The Welsh Assembly Government has published a state of the nation report on the well-being of older people in Wales. The Older People's Wellbeing Monitor for Wales is a milestone research report that will guide the future work of the Welsh Assembly Government and its partners in planning for the demographic changes in society.

This is the first Wellbeing Monitor of older people in the UK and links into an international agenda as it follows the values of the United Nations Principles for Older People. This will set a benchmark with the Monitor updated every three years.

The Monitor is a report that brings together all the relevant robust research written on older people in Wales and will help to steer future policy and pinpoint evidence gaps for further study. The focus is on five broad aims of well-being which are derived from the UN Principles and the Assembly Government Strategy for Older People and these will provide the mechanism to track progress over time. They are:

- Dignity and social inclusion
- Material wellbeing
- Participation
- Health and care
- Self- fulfilment and active ageing

Deputy Minister for Social Services, Gwenda Thomas, said: "I am delighted to have delivered this key note research report as the Welsh Assembly Government is committed to valuing the lives of the older generation.

This Monitor will provide invaluable information and guidance to steer future policy priorities and research projects for both the Assembly Government and its partners for the benefit of society as a whole. "Older People are a significant and growing sector of the population and it is essential that we have accurate information on the needs of the older person so that we can significantly address these issues.

"This report has implications across all Assembly Government policy areas and my colleagues and I will be studying these findings thoroughly and any areas of concern will be looked into and addressed."

Ruth Marks, Older Peoples Commissioner for Wales, commented: "I welcome this really valuable report. It supports what older people tell me they are most concerned about.

"We must recognise the great contribution older people make to life in Wales. This is the 21st century and attitudes and expectations are changing - we must understand that reality and think long-term when we make decisions and this report will help us to do just that.

"The information we receive from older people underpins my work. This report gives me further evidence about the areas where we all need to work together to improve services.It will help people to plan services for today and for the future when our ageing population will have increased and changing demands. This type of research needs to be regularly repeated to check whether older people are experiencing a positive difference in their lives."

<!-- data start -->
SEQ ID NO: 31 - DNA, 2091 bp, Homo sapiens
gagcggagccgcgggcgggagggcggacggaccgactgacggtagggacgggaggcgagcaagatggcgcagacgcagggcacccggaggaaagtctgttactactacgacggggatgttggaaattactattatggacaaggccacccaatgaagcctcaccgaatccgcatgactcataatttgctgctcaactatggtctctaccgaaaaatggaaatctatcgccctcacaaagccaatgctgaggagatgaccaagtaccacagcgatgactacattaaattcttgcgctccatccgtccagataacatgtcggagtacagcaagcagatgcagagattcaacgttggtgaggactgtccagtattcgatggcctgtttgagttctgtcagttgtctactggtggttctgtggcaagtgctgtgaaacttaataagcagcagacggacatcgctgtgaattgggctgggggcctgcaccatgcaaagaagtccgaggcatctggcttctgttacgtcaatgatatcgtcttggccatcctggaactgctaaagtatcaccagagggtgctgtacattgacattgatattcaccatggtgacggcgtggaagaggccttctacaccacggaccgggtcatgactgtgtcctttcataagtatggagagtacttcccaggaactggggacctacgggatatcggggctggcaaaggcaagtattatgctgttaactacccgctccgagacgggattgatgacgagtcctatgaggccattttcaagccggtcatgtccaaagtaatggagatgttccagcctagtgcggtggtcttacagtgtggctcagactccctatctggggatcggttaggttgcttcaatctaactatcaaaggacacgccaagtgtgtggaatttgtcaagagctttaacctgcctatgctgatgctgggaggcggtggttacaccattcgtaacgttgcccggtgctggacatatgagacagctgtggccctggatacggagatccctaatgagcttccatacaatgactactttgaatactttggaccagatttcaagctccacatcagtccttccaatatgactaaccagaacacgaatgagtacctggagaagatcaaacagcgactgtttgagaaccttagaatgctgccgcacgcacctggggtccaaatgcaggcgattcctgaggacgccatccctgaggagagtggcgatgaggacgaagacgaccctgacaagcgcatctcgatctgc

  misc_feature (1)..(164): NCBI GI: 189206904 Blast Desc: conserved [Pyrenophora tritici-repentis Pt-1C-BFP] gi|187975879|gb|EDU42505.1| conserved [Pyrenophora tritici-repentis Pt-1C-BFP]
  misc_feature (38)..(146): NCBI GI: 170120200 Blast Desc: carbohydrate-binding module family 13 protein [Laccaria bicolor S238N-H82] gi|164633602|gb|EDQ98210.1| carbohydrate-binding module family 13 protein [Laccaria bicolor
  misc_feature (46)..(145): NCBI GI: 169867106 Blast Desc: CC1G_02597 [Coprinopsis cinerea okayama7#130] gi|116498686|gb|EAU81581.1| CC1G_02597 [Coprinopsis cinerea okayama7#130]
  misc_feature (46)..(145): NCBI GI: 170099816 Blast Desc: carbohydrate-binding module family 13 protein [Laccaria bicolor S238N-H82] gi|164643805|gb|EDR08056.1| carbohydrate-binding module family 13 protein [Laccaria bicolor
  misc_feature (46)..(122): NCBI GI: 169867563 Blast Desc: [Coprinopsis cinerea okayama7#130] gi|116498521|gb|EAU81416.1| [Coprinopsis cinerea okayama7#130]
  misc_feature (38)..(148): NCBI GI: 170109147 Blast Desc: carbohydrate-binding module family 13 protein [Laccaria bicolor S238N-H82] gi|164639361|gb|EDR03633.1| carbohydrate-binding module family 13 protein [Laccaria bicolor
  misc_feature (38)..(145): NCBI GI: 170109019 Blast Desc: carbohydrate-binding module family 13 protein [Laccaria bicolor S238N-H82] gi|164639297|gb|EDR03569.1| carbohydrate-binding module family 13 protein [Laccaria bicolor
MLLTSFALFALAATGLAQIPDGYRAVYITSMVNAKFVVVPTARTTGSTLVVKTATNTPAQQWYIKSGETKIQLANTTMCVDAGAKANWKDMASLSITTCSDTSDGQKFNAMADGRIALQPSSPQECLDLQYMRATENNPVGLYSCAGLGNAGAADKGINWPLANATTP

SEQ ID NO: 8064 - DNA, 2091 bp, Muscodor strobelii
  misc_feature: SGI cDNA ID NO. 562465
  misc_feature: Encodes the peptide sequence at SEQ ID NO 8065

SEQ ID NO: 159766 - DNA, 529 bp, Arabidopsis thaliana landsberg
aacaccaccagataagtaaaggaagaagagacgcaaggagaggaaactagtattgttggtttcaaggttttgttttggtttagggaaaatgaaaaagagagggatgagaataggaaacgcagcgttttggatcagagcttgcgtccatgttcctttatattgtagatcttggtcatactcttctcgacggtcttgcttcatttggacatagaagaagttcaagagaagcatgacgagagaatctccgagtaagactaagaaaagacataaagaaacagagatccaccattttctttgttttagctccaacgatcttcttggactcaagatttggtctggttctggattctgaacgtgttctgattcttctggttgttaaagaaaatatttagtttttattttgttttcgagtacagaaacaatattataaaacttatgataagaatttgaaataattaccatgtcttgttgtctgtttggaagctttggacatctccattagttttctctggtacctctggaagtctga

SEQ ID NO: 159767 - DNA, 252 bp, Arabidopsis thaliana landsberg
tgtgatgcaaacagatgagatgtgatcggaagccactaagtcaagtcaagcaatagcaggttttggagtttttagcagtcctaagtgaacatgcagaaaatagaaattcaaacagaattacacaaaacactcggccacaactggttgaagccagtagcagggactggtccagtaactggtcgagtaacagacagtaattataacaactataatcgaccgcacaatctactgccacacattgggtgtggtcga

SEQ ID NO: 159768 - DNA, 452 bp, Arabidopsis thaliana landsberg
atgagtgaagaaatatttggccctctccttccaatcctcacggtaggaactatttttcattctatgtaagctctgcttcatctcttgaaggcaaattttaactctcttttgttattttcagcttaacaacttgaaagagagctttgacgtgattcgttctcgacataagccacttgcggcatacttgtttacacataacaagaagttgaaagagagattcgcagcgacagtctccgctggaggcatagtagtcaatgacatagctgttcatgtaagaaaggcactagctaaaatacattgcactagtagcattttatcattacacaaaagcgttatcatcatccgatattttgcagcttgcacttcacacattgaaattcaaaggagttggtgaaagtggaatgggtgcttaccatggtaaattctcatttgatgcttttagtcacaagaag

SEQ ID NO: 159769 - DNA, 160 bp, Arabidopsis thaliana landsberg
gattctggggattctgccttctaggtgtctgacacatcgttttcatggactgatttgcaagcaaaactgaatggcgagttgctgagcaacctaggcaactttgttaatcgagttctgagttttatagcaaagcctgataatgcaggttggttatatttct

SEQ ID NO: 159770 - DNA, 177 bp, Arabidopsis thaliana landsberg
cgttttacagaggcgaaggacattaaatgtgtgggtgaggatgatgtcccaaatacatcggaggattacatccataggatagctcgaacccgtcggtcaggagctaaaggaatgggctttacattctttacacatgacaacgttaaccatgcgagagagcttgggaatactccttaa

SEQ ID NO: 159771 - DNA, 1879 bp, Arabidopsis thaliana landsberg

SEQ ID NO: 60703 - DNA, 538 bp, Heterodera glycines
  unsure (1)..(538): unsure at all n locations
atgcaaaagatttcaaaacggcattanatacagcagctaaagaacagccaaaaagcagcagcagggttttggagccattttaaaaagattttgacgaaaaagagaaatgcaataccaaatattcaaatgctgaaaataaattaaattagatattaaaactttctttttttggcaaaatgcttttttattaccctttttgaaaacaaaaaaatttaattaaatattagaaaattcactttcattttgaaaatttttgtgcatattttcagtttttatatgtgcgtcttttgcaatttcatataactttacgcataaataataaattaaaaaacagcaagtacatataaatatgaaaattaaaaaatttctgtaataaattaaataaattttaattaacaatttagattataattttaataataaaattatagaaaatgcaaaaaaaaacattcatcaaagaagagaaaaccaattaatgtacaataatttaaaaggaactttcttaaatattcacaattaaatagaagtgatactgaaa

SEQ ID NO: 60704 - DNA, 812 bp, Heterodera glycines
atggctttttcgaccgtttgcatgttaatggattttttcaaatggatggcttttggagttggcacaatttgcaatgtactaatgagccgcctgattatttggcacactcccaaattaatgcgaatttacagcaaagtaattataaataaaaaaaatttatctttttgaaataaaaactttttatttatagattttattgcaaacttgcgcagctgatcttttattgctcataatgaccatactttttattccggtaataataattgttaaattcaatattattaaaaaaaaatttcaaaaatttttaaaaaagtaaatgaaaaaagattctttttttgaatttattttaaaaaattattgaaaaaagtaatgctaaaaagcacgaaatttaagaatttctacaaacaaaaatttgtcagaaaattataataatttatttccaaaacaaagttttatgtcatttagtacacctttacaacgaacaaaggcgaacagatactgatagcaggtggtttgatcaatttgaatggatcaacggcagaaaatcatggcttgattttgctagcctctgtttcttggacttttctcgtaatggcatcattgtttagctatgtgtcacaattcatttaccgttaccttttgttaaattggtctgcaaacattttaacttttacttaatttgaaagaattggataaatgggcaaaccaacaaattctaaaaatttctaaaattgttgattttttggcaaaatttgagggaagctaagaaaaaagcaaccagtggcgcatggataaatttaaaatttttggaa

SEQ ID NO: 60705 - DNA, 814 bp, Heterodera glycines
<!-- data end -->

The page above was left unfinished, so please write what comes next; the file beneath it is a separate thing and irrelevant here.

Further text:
Wendy Bourton OBE, Chair of National Partnership Forum, said: "I welcome the Monitor as it enables us to look at the wellbeing of older people and appreciate the diversity of issues relating to ageing in Wales. Most importantly, it enables us to hear the voices of older people and better understand their lives."

Explaining the importance of the Monitor in the development of policy for older people, Dr Sue Lambert, Co-Director Older People and Ageing Research and Development Network (OPAN) said:" The Older People's Wellbeing Monitor is an excellent, comprehensive resource for researchers in Wales and beyond. It provides vital background information on the circumstances of older people in Wales. Researchers will use it to inform research studies and reports into the quality of life and the experiences of older people living in Wales."

To view the Monitor visit: and


The research for the Wellbeing Monitor has been conducted using a joint model of commissioning and in-house analytical input by researchers, statisticians and economists.

Top Level Findings from the Older People's Wellbeing Monitor (2009)

Older People in Wales: a Demographic Overview

1. Of the UK countries, Wales has the highest proportion of people of state pensionable age (SPA).

2. In 2007, there were 349 people of SPA per 1,000 people of working age. This has been increasing since the 1970s.

3. Net inward migration continues to be the main reason for population growth in Wales. North Wales attracted the largest net inflow of older people from England.

4. In 2007, circulatory disease, cancer and respiratory disease accounted for just over three quarters of deaths of older people.

5. The population aged 85 and over is projected to more than double in size between 2007 and 2031 (to 156,000).